The properties of fibreboard are as diverse as their use: insulating boards, for example, have a low density and are composed of coarse fibres, whereas medium and high density fibreboard (MDF/HDF) have a uniform surface and are made of much finer fibres.
In industrial production, most process variables and product characteristics are monitored by modern measurement technology. But, to date, control of pulp quality is just performed by tactical and optical inspection by experienced personnel. An objective, efficient measuring method is not available but of major importance, because the fibre quality is a key quality parameter for the panel.
The Thünen Institute for Wood Research, together with partners, has developed a new system for the optical measurement and size characterization of fibres from wood and other renewable raw materials: FibreCube.
FibreCube is a system which enables a reliable, robust and reproducible measurement of hundreds of thousands of fibres within a few minutes. The fibres are completely separated with an innovative approach prior to the analysis. Through a prudent combination of compressed air and ultrasound, the particles are separated and then subjected to a software-based image processing. Thus, the recent problems with the characterisation of fibres, the separation woolly matted fibre clumps and the measurement of overlapping captured fibres, are solved. After the image processing the objects are sucked from the glass plate, so that the next measurement can begin. About 0.5 g fibre material is measured per run, 650 images are created for evaluation and measured by the software. On average 200,000 fibres are characterised per run.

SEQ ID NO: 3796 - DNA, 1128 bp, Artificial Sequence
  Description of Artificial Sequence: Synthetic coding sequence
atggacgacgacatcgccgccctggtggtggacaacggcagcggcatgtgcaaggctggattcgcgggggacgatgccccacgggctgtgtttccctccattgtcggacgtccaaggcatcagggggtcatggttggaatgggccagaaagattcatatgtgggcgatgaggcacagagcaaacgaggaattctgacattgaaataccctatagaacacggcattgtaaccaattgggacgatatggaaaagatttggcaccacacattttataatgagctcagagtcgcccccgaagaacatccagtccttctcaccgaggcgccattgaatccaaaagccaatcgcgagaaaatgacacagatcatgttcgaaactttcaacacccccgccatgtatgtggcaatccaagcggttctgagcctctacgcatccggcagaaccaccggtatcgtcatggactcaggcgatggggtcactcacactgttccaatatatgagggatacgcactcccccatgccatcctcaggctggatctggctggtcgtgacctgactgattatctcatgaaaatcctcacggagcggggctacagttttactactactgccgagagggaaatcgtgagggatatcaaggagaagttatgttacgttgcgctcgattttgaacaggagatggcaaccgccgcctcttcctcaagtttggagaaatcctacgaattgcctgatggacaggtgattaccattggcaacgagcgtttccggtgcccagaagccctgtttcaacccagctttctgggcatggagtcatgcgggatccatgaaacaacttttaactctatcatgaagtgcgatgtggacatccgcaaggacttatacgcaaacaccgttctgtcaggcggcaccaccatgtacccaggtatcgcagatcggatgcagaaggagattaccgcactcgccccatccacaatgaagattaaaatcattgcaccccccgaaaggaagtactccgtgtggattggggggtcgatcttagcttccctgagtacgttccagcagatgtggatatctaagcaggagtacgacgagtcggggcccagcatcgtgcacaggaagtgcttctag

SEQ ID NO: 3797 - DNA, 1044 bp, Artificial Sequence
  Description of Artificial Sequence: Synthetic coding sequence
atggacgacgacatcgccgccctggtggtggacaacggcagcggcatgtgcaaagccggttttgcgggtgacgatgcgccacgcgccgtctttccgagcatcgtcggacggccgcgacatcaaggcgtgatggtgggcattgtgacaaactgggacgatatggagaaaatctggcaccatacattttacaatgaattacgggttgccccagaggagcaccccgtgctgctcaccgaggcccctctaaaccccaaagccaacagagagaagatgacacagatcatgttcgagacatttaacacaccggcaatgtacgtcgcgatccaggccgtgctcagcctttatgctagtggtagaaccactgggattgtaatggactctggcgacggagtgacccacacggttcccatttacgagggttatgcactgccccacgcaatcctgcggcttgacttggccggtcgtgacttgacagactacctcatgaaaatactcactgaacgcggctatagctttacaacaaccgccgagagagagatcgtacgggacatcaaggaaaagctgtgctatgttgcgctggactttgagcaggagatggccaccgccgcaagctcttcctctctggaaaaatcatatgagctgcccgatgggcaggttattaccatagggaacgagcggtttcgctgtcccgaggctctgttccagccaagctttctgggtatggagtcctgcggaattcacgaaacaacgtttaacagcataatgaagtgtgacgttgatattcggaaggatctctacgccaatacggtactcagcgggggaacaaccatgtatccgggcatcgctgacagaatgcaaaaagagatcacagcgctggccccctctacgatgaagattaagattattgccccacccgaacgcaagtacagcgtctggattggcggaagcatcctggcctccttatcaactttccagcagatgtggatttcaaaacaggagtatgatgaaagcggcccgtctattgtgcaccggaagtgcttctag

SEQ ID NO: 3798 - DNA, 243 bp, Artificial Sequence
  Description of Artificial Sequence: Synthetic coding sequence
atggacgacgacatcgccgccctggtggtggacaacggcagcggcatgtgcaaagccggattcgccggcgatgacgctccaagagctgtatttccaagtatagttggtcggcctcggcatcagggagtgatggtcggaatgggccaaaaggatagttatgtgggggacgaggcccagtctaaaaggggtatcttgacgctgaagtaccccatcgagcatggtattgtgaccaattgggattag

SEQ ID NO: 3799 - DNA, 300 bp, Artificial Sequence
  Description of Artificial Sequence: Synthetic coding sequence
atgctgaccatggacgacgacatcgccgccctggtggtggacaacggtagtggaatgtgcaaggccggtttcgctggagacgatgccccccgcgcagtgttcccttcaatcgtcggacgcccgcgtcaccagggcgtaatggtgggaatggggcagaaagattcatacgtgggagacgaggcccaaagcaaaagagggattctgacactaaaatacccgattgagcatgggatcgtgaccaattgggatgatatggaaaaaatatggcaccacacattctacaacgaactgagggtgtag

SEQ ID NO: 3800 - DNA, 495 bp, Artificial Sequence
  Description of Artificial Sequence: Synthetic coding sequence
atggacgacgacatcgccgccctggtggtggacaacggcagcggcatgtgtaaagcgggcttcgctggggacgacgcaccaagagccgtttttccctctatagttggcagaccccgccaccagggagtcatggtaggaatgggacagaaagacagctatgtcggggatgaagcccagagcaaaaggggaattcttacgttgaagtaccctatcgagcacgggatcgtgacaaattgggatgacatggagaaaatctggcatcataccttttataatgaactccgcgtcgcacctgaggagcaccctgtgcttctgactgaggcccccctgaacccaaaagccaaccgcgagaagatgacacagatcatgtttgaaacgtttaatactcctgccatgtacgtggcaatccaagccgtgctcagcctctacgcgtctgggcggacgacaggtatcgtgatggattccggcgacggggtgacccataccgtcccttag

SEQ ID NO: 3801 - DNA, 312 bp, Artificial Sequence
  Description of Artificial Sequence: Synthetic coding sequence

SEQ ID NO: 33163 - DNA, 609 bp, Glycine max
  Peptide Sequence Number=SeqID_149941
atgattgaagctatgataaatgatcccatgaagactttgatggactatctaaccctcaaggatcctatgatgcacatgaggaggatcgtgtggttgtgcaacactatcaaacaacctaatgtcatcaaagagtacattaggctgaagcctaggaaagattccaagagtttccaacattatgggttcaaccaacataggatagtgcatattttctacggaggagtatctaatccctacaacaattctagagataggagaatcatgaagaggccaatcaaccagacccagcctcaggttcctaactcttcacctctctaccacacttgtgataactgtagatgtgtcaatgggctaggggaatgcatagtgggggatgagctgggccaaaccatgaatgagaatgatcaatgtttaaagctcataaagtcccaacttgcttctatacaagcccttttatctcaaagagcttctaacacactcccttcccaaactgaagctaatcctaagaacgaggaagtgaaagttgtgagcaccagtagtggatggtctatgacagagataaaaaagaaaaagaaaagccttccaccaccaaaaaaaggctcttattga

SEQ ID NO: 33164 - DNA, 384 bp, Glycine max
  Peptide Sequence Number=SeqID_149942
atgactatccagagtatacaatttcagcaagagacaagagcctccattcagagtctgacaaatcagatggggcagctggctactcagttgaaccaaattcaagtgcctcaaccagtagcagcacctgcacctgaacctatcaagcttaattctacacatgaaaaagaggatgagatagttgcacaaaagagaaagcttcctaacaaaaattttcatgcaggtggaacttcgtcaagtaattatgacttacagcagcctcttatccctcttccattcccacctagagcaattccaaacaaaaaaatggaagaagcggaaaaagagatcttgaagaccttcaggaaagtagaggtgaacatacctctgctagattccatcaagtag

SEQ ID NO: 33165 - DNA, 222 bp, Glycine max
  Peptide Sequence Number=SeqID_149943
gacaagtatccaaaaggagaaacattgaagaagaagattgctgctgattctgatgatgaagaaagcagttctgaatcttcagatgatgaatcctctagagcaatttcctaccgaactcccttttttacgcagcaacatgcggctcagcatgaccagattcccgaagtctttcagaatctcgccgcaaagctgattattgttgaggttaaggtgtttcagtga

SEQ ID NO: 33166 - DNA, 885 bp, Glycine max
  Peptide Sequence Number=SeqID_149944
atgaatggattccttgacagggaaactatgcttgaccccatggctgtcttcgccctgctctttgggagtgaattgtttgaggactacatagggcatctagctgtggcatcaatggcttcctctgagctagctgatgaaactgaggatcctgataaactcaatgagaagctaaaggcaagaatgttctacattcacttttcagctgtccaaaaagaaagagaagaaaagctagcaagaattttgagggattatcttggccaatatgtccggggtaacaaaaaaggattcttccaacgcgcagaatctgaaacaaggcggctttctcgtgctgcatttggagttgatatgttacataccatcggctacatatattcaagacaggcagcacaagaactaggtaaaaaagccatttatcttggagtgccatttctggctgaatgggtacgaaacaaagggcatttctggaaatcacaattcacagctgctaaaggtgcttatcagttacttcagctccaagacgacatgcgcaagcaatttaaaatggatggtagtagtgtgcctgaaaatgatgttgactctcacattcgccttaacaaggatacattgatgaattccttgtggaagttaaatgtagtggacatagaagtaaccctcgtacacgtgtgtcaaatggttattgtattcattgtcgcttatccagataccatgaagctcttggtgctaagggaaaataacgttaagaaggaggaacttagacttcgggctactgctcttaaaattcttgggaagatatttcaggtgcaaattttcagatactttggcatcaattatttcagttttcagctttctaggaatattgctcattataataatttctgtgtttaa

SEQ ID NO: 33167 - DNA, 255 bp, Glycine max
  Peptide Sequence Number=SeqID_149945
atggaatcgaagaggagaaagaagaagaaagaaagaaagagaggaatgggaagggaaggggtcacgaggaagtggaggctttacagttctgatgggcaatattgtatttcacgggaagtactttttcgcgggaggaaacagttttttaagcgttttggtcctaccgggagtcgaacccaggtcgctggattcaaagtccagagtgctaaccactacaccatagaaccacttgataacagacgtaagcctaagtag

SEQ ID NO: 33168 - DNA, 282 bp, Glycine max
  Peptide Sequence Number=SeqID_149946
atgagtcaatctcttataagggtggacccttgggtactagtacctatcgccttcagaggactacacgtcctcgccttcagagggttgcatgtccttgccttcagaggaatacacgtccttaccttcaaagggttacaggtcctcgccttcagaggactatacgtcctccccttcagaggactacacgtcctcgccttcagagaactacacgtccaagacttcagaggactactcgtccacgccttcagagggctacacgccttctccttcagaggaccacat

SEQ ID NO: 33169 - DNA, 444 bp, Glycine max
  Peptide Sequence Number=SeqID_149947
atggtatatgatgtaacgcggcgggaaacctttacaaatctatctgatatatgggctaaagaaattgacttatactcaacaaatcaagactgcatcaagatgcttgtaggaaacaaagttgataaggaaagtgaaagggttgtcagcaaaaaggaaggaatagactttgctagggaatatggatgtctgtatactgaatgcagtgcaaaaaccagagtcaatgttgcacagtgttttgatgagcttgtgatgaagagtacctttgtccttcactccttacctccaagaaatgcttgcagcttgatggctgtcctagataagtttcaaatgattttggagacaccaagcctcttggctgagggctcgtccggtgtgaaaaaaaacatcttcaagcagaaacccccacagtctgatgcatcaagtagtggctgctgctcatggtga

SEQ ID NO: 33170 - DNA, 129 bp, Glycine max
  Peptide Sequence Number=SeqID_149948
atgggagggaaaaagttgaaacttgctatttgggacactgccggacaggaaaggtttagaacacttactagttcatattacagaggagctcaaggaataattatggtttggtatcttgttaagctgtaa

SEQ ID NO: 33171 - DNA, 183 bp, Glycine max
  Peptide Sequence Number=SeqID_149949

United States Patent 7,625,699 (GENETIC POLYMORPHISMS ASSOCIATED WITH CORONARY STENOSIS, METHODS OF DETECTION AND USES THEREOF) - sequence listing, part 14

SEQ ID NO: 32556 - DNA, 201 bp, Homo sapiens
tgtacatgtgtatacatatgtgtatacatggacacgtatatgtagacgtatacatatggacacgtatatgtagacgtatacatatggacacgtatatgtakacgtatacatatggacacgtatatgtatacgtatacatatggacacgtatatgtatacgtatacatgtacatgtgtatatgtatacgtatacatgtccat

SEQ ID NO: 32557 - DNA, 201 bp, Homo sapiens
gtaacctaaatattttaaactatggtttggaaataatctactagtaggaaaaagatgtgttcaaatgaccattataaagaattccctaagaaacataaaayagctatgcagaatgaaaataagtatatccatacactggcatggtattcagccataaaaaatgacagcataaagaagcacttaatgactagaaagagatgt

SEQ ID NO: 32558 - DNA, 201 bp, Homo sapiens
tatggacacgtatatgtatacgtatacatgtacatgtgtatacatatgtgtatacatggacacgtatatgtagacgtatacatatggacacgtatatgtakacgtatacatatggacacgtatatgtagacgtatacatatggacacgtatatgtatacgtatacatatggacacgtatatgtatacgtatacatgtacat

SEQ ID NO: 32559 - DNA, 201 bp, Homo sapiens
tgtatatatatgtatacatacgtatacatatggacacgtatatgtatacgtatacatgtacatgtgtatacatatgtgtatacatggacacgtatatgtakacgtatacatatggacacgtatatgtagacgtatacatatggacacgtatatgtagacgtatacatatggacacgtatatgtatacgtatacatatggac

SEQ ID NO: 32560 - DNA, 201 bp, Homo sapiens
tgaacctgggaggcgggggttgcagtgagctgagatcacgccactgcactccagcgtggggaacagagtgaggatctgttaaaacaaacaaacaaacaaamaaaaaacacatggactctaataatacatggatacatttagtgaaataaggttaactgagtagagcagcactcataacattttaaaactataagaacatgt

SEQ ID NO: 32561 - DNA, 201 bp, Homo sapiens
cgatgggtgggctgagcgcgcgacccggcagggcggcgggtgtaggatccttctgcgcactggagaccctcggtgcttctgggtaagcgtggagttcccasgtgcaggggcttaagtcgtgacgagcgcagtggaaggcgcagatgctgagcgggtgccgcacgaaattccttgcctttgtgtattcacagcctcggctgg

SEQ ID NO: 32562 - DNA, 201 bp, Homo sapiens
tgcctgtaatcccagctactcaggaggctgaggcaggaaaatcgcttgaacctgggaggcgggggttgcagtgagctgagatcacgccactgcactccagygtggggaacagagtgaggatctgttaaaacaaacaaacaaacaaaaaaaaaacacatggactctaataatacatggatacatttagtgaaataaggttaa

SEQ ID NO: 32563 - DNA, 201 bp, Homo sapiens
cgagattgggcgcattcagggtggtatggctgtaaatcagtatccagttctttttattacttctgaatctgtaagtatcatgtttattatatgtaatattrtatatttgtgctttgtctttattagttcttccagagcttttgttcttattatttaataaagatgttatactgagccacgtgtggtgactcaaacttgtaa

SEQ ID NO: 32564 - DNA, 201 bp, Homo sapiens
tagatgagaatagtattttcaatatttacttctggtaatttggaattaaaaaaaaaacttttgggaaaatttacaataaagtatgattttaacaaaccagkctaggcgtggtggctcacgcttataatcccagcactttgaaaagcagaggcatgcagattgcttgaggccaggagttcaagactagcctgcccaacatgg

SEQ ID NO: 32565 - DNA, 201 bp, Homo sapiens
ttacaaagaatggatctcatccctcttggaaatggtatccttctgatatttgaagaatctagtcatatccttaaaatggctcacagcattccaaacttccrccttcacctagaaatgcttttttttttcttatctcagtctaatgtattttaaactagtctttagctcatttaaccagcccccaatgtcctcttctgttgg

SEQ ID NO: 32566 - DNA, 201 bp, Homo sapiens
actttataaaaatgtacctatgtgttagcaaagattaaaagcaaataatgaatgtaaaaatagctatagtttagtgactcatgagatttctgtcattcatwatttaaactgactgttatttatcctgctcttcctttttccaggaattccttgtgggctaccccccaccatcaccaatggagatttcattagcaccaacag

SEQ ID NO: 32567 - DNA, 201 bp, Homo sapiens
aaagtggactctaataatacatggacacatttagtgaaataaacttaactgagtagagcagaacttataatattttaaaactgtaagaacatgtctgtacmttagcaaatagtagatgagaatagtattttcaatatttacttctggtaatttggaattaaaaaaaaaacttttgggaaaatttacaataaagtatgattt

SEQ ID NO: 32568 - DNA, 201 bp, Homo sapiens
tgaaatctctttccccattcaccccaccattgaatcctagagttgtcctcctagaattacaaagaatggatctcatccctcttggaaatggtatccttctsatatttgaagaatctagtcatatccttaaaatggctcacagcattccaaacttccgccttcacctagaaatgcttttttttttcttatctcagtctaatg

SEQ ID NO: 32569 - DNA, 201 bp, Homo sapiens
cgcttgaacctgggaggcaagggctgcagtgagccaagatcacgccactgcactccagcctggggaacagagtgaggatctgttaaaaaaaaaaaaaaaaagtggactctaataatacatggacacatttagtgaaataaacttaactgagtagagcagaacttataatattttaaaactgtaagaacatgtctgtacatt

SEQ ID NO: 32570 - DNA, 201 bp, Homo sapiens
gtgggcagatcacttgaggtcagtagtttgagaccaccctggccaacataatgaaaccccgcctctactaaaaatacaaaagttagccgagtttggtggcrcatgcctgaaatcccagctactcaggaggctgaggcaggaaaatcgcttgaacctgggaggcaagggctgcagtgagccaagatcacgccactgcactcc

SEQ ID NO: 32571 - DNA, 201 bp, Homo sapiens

The data and key figures calculated from these measurements are summarised in a so-called "Fibre Fact Sheet". For example, the frequency distribution of the measured length of all fibres, the average fibre length and the coarse particle fraction in the sample are of particular interest.
The FibreCube provides the wood materials industry the opportunity to optimise processes in order to save energy costs and reduce emissions.